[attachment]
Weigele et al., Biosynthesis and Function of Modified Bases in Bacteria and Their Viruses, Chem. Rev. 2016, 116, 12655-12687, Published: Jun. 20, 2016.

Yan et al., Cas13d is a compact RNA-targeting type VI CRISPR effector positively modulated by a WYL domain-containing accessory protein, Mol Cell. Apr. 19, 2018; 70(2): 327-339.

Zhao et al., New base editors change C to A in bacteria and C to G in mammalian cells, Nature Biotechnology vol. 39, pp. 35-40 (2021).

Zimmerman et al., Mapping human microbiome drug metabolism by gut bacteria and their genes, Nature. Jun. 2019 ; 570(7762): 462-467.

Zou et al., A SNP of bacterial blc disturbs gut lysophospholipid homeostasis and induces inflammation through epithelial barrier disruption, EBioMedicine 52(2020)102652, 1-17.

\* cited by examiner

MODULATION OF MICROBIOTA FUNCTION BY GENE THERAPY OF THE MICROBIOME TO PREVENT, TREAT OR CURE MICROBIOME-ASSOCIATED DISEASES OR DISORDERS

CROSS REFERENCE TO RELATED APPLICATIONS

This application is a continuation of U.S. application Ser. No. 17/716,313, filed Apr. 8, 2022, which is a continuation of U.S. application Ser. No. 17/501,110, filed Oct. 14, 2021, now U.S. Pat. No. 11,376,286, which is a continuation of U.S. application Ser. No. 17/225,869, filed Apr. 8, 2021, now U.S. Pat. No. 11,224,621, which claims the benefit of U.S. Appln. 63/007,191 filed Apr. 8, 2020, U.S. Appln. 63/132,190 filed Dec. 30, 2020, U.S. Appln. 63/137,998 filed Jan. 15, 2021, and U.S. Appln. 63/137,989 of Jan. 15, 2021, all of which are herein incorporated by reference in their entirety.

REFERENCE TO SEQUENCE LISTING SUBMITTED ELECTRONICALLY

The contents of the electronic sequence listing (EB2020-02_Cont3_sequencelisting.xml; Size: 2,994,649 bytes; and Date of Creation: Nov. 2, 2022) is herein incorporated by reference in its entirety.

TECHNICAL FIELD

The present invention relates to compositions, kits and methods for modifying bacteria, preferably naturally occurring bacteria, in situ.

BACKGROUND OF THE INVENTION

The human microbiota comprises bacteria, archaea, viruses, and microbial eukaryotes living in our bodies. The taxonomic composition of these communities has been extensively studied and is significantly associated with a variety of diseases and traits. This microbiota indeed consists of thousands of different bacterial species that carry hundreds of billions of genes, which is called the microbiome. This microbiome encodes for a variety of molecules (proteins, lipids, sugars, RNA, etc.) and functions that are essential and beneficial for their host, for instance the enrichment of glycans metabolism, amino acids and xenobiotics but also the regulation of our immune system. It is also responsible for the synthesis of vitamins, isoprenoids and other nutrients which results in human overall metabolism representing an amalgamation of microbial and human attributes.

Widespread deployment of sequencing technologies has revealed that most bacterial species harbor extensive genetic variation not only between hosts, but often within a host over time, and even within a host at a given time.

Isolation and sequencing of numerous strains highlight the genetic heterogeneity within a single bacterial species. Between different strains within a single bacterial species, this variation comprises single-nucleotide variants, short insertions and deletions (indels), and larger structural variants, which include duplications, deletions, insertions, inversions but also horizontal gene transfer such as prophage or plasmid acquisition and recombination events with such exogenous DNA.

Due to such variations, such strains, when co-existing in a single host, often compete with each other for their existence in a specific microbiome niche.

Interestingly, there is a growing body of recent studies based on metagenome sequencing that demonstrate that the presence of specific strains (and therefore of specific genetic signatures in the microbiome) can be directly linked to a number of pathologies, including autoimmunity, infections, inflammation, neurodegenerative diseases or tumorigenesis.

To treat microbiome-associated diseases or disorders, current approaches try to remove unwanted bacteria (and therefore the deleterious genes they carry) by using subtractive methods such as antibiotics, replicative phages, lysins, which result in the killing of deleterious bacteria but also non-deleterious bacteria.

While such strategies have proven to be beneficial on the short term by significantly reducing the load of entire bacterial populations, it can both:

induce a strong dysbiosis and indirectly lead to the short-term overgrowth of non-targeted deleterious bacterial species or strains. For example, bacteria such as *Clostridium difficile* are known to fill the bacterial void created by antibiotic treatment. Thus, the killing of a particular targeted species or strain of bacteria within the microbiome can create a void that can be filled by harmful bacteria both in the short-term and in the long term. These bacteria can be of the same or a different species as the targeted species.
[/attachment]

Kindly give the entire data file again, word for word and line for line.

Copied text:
Weigele et al., Biosynthesis and Function of Modified Bases in Bacteria and Their Viruses, Chem. Rev. 2016, 116, 12655-12687, Published: Jun. 20, 2016.

Yan et al., Cas13d is a compact RNA-targeting type VI CRISPR effector positively modulated by a WYL domain-containing accessory protein, Mol Cell. Apr. 19, 2018; 70(2): 327-339.

Zhao et al., New base editors change C to A in bacteria and C to G in mammalian cells, Nature Biotechnology vol. 39, pp. 35-40 (2021).

Zimmerman et al., Mapping human microbiome drug metabolism by gut bacteria and their genes, Nature. Jun. 2019 ; 570(7762): 462-467.

Zou et al., A SNP of bacterial blc disturbs gut lysophospholipid homeostasis and induces inflammation through epithelial barrier disruption, EBioMedicine 52(2020)102652, 1-17.

\* cited by examiner

MODULATION OF MICROBIOTA FUNCTION BY GENE THERAPY OF THE MICROBIOME TO PREVENT, TREAT OR CURE MICROBIOME-ASSOCIATED DISEASES OR DISORDERS

CROSS REFERENCE TO RELATED APPLICATIONS

This application is a continuation of U.S. application Ser. No. 17/716,313, filed Apr. 8, 2022, which is a continuation of U.S. application Ser. No. 17/501,110, filed Oct. 14, 2021, now U.S. Pat. No. 11,376,286, which is a continuation of U.S. application Ser. No. 17/225,869, filed Apr. 8, 2021, now U.S. Pat. No. 11,224,621, which claims the benefit of U.S. Appln. 63/007,191 filed Apr. 8, 2020, U.S. Appln. 63/132,190 filed Dec. 30, 2020, U.S. Appln. 63/137,998 filed Jan. 15, 2021, and U.S. Appln. 63/137,989 of Jan. 15, 2021, all of which are herein incorporated by reference in their entirety.

REFERENCE TO SEQUENCE LISTING SUBMITTED ELECTRONICALLY

The contents of the electronic sequence listing (EB2020-02_Cont3_sequencelisting.xml; Size: 2,994,649 bytes; and Date of Creation: Nov. 2, 2022) is herein incorporated by reference in its entirety.

TECHNICAL FIELD

The present invention relates to compositions, kits and methods for modifying bacteria, preferably naturally occurring bacteria, in situ.

BACKGROUND OF THE INVENTION

The human microbiota comprises bacteria, archaea, viruses, and microbial eukaryotes living in our bodies. The taxonomic composition of these communities has been extensively studied and is significantly associated with a variety of diseases and traits. This microbiota indeed consists of thousands of different bacterial species that carry hundreds of billions of genes, which is called the microbiome. This microbiome encodes for a variety of molecules (proteins, lipids, sugars, RNA, etc.) and functions that are essential and beneficial for their host, for instance the enrichment of glycans metabolism, amino acids and xenobiotics but also the regulation of our immune system. It is also responsible for the synthesis of vitamins, isoprenoids and other nutrients which results in human overall metabolism representing an amalgamation of microbial and human attributes.

Widespread deployment of sequencing technologies has revealed that most bacterial species harbor extensive genetic variation not only between hosts, but often within a host over time, and even within a host at a given time.

Isolation and sequencing of numerous strains highlight the genetic heterogeneity within a single bacterial species. Between different strains within a single bacterial species, this variation comprises single-nucleotide variants, short insertions and deletions (indels), and larger structural variants, which include duplications, deletions, insertions, inversions but also horizontal gene transfer such as prophage or plasmid acquisition and recombination events with such exogenous DNA.

Due to such variations, such strains, when co-existing in a single host, often compete with each other for their existence in a specific microbiome niche.

Interestingly, there is a growing body of recent studies based on metagenome sequencing that demonstrate that the presence of specific strains (and therefore of specific genetic signatures in the microbiome) can be directly linked to a number of pathologies, including autoimmunity, infections, inflammation, neurodegenerative diseases or tumorigenesis.

To treat microbiome-associated diseases or disorders, current approaches try to remove unwanted bacteria (and therefore the deleterious genes they carry) by using subtractive methods such as antibiotics, replicative phages, lysins, which result in the killing of deleterious bacteria but also non-deleterious bacteria.

While such strategies have proven to be beneficial on the short term by significantly reducing the load of entire bacterial populations, it can both:

induce a strong dysbiosis and indirectly lead to the short-term overgrowth of non-targeted deleterious bacterial species or strains. For example, bacteria such as *Clostridium difficile* are known to fill the bacterial void created by antibiotic treatment. Thus, the killing of a particular targeted species or strain of bacteria within the microbiome can create a void that can be filled by harmful bacteria both in the short-term and in the long term. These bacteria can be of the same or a different species as the targeted species.